Childcare arrangements made in Maina village: implications for child development
Gichuru, Betsy W.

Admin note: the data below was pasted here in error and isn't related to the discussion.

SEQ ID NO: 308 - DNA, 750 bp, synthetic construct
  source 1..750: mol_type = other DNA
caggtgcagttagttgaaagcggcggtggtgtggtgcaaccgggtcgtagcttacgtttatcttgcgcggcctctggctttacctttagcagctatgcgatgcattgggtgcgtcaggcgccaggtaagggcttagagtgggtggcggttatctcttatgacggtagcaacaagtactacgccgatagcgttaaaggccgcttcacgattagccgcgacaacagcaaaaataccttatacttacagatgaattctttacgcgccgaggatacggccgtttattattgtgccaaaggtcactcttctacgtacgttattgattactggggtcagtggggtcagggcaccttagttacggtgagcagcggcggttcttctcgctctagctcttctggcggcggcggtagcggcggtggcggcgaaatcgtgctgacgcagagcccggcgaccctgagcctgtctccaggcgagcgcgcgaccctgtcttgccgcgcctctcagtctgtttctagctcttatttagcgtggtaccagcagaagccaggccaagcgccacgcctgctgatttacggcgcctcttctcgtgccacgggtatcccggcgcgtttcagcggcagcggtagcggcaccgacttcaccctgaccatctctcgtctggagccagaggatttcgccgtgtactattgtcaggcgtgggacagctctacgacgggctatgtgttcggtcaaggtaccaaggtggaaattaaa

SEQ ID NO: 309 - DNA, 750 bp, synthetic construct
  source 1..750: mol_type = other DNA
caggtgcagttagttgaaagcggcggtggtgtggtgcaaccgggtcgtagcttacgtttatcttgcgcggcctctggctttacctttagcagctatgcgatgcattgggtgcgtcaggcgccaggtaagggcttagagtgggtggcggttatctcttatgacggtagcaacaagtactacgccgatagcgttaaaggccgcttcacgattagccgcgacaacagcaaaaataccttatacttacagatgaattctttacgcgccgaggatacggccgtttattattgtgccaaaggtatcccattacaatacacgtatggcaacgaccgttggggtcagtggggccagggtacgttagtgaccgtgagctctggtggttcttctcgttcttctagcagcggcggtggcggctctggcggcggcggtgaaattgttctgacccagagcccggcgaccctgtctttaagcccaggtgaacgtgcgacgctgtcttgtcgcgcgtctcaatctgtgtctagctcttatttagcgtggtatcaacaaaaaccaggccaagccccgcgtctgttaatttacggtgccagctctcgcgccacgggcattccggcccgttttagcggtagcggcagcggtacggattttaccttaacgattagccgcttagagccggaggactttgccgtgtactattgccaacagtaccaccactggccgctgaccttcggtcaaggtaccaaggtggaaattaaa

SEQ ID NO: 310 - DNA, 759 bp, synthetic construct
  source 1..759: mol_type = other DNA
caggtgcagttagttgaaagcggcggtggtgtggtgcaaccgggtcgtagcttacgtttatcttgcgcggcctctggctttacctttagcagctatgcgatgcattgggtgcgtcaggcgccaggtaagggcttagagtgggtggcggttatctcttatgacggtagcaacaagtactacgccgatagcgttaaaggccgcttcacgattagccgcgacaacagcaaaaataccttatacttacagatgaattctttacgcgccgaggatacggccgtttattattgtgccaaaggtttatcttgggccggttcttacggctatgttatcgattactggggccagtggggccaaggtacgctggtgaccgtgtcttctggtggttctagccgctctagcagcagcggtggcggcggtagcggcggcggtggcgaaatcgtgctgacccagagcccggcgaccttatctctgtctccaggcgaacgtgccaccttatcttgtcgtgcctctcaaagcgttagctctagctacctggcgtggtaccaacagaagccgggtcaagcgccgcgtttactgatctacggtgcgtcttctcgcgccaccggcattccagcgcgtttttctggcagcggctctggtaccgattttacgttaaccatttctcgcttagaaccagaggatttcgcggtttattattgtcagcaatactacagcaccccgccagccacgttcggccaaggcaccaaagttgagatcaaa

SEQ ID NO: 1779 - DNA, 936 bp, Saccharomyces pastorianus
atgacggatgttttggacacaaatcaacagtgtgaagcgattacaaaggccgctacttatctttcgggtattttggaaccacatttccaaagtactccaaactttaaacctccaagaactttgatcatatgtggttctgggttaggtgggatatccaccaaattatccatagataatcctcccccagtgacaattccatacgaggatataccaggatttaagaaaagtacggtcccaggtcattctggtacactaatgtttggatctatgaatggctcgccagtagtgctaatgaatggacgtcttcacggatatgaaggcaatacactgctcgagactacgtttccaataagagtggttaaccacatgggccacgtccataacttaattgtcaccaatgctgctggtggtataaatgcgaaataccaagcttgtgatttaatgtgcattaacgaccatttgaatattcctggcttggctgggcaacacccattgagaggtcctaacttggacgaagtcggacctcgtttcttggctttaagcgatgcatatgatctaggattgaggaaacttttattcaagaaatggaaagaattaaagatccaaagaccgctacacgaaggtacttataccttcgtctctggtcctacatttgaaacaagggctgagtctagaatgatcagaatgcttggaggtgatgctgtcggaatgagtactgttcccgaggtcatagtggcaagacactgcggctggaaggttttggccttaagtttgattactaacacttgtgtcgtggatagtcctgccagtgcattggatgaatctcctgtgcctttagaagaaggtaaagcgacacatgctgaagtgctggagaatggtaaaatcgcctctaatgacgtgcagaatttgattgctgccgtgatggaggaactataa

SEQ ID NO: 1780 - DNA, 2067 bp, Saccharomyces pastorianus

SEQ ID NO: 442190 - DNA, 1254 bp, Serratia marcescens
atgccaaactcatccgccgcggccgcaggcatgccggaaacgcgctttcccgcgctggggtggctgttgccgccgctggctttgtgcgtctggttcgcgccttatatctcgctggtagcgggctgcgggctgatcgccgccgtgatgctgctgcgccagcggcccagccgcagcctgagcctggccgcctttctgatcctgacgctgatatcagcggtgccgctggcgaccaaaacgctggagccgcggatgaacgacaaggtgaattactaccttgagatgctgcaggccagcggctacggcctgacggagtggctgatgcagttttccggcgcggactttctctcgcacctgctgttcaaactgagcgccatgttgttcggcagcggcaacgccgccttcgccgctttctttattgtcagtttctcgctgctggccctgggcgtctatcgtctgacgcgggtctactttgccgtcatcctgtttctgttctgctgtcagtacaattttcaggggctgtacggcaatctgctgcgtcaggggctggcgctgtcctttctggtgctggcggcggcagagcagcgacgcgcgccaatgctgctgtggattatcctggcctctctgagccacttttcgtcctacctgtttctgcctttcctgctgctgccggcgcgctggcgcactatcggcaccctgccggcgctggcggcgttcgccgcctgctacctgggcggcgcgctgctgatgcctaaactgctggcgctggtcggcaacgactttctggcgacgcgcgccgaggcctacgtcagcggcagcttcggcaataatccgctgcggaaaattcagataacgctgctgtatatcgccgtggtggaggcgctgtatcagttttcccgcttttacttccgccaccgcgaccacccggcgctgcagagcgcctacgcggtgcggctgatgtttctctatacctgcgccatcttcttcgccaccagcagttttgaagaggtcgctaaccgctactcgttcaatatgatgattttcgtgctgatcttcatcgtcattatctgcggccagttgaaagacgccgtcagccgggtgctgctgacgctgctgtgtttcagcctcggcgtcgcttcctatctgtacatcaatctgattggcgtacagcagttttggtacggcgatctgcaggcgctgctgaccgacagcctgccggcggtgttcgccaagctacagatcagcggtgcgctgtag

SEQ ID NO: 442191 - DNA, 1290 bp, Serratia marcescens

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Childcare is necessary if a child is to survive, grow and develop. Childcare has primarily been provided by mothers with support from members of the extended family and older siblings. However social and economic changes occurring over the years, affected the ability of family members to provide childcare. Different childcare arrangements were thus made to cope with these constraints. These changes in armngements expose children to different caregivers, activities and environments and have implications on child development, especially in the early years of childhood when rapid development of intelligence, personality and social behaviour occurs. Although childcare arrangements are important for child development, studies in the third world are deficient in information and analysis of their implications on development. This study set out to determine the childcare arrangements made by families and the implications these had on child development. A descriptive survey design with both quantitative and qualitative methods of data collection and analysis was used. Data were collected through questionnaires from a random sample of 75 families from Maina village, a slum in the environs of Nyahururu town. Observations were then made for a sub-sample of five families drawn from the main sample. Data were analysed for childcare arrangements, reasons for. choice of childcare arrangements and relationships between selected demographic variables and childcare arrangements. Childcare activities and environments were also analysed for their bearing on child development. The findings revealed that the major (71%) childcare arrangement was maternal care. Other arrangements were the nursery school, childcare support by siblings and extended family members. Results on reasons for the choice of childcare arrangements indicated that non-availability of other caregivers, the compatibility of mother's occupations with childcare and mothers preference to undertake childcare of their infants contributed to the prevalence of maternal care. The demographic factors that influenced the choice of childcare arrangements were mothers and children's age. There were positive. implications for child development in maternal care due to caregiving activities that fostered adequate physical growth, development of security and trust, vocalization and cognitive development, motor skills and social behaviour. The nursery school had positive implications for the development of children aged above three years but not for children under three years old. This was because nursery school activities and environments did not cater for their needs. Results on children care by siblings showed that activities carried out differed depending on the maturity of the care giver. Childcare by immature siblings had negative implications due to absence of feeding, affectionate interaction, sanitation and safety. Recommendations for education and training of mothers and nursery school teachers on child development were outlined. Use of child to child approaches to train sibling caregivers on childcare was recommended. Recommendations for developing specific age appropriate activities and materials for under three year oids in the nursery school and expansion of recreational facilities were also delineated.